Preview a voice-guided presentation to learn more about how the Harvard University Student Health Program works. Topics include services covered by the Student Health Fee, benefits covered by the Student Health Insurance Plan, how to enroll eligible dependents, important insurance terms and more!
The allowed amount is the maximum amount that the plan (Blue Cross Blue Shield) will pay for a covered service. If you use your out-of-network benefits and file for reimbursement, you will be reimbursed based on the allowed amount (minus your deductible and coinsurance) and NOT what the provider charges for the service. If your provider charged more than the plans’ allowed amount, you will be responsible for the difference between the two amounts.
The portion of eligible expenses that plan members are responsible for paying, most often after reaching a deductible. An example of coinsurance could be that your health plan covers 70% of covered medical charges and you are responsible for the remaining 30 percent.
The amount that you must pay for (certain) covered services. Your copayment is usually a fixed dollar amount.
Services or supplies for which your health plan will pay (or “cover”) all or a portion of the cost. Most health plans do not cover all services and supplies, and it is important to be aware of any limitations and restrictions that apply to your covered services.
The amount that you must pay before benefits are provided for (certain) covered services.
Specific conditions or circumstances for which a health plan will not provide benefits.
Medically Necessary Services
Services or supplies which are appropriate and necessary for the symptoms, diagnosis, or treatment of a medical condition, and which meet additional guidelines pertaining to necessary provision of medical or mental health care. Services must be medically necessary in order to be covered.
A group of physicians, hospitals, and other health care providers who participate in a specific managed care plan. When you receive care from an in-network provider, you pay only a copayment for covered services.
Physicians, hospitals, and other health care providers who do not participate in your plan’s network. Services obtained from an out-of-network provider are subject to deductibles and coinsurance.
When the deductible and coinsurance amounts you have paid in a plan year add up to the out-of-pocket maximum, the health plan will begin covering 100% of eligible charges for the remainder of the year.
The time period your health plan provides coverage. The HUSHP plan year is August 1 - July 31.
Preferred Provider Organization (PPO)
A type of insurance product that combines in-network and out-of-network coverage. When you use in-network (or “participating”) physicians and hospitals, you pay only a copayment for covered services. You also have the flexibility to see out-of-network (“non-participating”) providers, but you will be responsible for a deductible and coinsurance for inpatient and outpatient covered services. The Harvard Student Health Insurance Plan is a PPO plan.
A pre-existing condition is a health condition that existed prior to your application for a health insurance policy or enrollment on a new health plan. Examples of pre-existing conditions include pregnancy, heart disease, high blood pressure, cancer, diabetes, and asthma. HUSHP does not impose pre-existing condition clauses or exclusions.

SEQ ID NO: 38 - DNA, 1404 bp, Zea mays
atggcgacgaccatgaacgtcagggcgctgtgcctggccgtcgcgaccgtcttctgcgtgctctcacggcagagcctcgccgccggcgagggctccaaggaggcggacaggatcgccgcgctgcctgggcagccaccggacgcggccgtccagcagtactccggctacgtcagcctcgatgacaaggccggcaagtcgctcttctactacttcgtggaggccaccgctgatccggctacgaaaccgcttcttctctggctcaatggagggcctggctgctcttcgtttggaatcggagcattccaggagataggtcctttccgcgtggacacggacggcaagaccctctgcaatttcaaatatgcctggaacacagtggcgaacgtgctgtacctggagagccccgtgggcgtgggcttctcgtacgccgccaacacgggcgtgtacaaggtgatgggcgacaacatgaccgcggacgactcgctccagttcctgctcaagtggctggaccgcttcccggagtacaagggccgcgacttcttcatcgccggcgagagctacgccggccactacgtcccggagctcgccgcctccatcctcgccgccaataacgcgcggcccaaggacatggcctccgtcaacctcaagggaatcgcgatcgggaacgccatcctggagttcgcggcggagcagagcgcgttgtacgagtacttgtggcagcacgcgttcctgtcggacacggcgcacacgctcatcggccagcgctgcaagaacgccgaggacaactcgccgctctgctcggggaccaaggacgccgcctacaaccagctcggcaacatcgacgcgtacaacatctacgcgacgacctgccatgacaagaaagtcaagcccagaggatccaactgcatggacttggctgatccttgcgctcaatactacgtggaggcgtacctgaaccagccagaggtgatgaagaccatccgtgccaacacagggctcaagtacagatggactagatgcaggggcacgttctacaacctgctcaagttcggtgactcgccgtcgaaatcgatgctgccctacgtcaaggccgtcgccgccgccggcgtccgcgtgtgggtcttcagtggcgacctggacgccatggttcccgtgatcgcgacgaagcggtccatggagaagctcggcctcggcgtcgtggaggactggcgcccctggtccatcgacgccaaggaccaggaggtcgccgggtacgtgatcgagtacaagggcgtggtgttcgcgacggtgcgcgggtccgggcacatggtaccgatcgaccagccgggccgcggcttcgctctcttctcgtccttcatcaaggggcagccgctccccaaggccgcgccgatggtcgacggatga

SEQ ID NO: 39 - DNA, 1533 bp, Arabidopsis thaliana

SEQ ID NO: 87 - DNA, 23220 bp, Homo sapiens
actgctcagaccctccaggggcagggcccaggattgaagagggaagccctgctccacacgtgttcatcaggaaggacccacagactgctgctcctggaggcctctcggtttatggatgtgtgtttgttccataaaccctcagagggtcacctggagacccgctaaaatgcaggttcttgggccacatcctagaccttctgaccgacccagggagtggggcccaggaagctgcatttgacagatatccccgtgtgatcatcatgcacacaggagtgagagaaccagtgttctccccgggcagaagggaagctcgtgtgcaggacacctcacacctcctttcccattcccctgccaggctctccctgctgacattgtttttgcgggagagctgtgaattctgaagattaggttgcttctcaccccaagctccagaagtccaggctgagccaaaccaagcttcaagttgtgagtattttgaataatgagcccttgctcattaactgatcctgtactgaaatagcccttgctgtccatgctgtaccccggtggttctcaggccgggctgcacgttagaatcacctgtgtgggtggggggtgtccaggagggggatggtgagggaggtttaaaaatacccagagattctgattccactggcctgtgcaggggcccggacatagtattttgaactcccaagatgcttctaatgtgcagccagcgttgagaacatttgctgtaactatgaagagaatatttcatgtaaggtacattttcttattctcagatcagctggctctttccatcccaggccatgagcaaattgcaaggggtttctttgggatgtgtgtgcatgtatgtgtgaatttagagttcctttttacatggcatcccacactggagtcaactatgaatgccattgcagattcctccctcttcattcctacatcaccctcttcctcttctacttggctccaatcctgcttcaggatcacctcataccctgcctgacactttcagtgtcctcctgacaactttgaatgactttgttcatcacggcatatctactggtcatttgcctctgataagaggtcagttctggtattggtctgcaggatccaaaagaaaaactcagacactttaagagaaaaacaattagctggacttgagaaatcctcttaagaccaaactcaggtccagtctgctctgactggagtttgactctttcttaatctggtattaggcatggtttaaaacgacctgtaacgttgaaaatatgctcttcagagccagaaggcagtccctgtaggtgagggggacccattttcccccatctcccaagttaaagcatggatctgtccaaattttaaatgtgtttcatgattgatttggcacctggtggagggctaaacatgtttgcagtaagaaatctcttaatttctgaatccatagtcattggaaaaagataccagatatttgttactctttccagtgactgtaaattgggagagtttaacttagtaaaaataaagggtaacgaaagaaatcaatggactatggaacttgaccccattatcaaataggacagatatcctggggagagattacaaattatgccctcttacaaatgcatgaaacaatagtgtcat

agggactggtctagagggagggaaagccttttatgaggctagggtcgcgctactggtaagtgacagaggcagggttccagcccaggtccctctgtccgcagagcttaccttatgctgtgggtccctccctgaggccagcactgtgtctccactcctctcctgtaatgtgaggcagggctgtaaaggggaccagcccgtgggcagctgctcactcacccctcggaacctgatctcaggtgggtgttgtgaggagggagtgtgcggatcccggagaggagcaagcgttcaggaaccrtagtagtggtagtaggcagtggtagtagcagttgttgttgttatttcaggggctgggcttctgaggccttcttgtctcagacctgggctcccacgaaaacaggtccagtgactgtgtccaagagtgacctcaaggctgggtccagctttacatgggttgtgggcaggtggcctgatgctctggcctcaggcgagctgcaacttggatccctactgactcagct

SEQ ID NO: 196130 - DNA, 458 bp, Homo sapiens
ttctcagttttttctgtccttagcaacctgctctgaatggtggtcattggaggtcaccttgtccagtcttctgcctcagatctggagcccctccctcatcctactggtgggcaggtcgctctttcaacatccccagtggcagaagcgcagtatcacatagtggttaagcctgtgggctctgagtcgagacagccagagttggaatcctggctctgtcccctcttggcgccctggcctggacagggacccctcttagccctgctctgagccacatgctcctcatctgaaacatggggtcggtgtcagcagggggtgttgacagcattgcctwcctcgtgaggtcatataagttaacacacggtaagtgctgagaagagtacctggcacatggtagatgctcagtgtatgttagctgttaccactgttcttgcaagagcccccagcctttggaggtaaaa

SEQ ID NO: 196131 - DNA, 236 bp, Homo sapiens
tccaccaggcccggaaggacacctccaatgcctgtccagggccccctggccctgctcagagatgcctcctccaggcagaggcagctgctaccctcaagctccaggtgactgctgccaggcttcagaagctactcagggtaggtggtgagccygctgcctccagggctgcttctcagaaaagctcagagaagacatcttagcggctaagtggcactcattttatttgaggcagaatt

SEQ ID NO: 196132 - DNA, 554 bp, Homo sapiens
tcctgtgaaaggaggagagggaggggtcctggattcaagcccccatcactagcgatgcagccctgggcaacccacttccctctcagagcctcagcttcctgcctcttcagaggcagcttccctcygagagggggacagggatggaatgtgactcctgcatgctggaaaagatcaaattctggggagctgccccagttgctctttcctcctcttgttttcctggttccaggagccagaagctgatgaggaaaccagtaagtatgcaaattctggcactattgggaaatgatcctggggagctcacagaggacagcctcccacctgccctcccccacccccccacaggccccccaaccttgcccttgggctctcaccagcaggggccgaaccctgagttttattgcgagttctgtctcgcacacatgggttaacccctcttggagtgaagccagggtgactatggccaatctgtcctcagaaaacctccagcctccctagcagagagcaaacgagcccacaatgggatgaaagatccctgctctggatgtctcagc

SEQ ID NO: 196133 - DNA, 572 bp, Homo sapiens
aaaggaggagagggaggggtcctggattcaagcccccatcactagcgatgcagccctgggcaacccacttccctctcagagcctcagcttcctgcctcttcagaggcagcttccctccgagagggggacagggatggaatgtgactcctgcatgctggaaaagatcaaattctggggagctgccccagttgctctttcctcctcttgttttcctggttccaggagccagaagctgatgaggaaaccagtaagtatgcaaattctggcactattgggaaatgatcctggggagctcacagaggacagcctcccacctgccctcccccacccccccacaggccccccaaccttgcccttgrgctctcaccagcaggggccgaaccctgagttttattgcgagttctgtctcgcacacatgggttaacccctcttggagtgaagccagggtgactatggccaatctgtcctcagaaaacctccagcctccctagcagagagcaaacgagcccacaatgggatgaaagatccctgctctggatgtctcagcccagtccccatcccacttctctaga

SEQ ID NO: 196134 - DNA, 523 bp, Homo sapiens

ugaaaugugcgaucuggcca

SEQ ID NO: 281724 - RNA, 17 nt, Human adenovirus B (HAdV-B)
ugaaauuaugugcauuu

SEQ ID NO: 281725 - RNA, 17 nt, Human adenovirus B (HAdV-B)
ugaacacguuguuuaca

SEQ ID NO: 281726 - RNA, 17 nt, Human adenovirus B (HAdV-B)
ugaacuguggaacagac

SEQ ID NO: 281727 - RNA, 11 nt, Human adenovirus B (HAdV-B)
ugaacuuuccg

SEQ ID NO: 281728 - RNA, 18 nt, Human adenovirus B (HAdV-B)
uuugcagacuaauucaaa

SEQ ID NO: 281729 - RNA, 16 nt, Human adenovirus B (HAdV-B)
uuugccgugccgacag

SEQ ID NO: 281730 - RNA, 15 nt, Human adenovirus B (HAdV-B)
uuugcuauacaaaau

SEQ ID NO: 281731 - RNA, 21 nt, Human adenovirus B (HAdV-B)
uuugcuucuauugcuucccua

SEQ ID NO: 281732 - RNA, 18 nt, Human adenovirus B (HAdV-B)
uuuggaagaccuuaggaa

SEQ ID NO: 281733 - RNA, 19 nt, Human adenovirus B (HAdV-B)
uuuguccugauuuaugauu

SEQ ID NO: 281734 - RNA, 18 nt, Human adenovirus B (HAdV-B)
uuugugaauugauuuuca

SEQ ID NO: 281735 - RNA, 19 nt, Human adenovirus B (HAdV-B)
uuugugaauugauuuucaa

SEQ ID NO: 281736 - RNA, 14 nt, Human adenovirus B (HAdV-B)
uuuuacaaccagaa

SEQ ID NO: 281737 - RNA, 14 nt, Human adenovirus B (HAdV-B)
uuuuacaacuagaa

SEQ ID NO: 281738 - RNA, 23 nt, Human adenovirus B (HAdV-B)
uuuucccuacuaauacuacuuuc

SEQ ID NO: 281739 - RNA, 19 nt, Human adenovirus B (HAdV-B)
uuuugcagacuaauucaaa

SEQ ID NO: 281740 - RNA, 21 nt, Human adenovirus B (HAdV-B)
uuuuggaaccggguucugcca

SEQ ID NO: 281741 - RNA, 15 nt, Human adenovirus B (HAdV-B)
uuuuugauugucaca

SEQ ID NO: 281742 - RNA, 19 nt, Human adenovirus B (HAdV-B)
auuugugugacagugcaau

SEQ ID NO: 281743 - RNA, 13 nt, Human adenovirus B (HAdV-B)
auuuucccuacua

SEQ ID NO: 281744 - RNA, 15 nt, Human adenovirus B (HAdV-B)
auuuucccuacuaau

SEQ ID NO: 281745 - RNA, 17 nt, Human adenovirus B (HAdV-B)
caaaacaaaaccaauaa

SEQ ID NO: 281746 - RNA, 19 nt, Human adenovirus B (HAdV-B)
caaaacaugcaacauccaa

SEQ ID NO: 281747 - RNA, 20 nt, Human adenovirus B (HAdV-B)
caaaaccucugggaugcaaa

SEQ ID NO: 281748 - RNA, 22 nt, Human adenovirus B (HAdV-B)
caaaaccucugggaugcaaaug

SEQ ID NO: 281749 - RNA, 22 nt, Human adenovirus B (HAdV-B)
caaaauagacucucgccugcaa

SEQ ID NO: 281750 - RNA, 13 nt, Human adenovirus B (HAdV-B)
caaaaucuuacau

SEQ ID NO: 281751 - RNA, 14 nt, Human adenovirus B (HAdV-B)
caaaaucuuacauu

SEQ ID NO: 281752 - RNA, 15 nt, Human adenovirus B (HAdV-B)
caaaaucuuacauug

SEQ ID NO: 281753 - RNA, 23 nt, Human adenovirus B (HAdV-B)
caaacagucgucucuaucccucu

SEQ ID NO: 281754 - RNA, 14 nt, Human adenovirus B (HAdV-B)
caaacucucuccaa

A referral is an official order for a transfer of care for further evaluation and/or medical treatment.
Usual and Customary Fee/Allowed Amount
The common cost of a specific medical service; this fee can be lower than what a physician charges and is based on a variety of criteria including provider type and service region.
Health care reform
The Affordable Care Act (ACA) creates new health insurance options for students. Most Harvard students already participate in the Harvard University Student Health Program (HUSHP) -- which meets all ACA requirements.
If you consider one of the new ACA plans, be sure that you make an informed decision. You will need comparable coverage to begin by February 1, 2015 in order to waive enrollment in HUSHP. Some important things to consider are:
- Access to doctors in the Cambridge/Boston area
- Benefits and coverage
- Out-of-pocket costs
- Coverage while traveling (in the U.S. and abroad)
Massachusetts and Federal Health Insurance Information
Other Resources to Help You Make an Informed Decision
The Affordable Care Act: Options for Students
Learn more about insurance options available to students under the Affordable Care Act.
Health Insurance FAQs
Click for a list of common questions and answers regarding the Affordable Care Act, HUSHP, the Massachusetts Health Connector, and HealthCare.gov
Sample Health Plan Comparison Chart
Use this chart to learn about some of the important coverage options you should consider when comparing health insurance plans. Please note that premiums can vary dramatically and the chart does net include all factors that you should consider when selecting health insurance coverage. Learn more about HUSHP coverage and benefits or visit MAhealthconnector.org or HealthCare.gov for detailed information about your insurance options.
Sample Costs for a Knee Injury
This chart compares the potential costs for treating a knee injury depending on your insurance coverage, and is for illustrative purposes only. Consult your insurance plan for information about your specific coverage.
How SHIP works with another health insurance plan
When you are enrolled in the Student Health Insurance Plan (SHIP) and another health insurance plan, the SHIP is always a secondary payer. This means that all claims are processed first through your other insurance and then processed by the SHIP. To avoid any claims issues, please notify your providers of both plans. Please contact BCBS Coordination of Benefits at (888) 799-1888 for more information.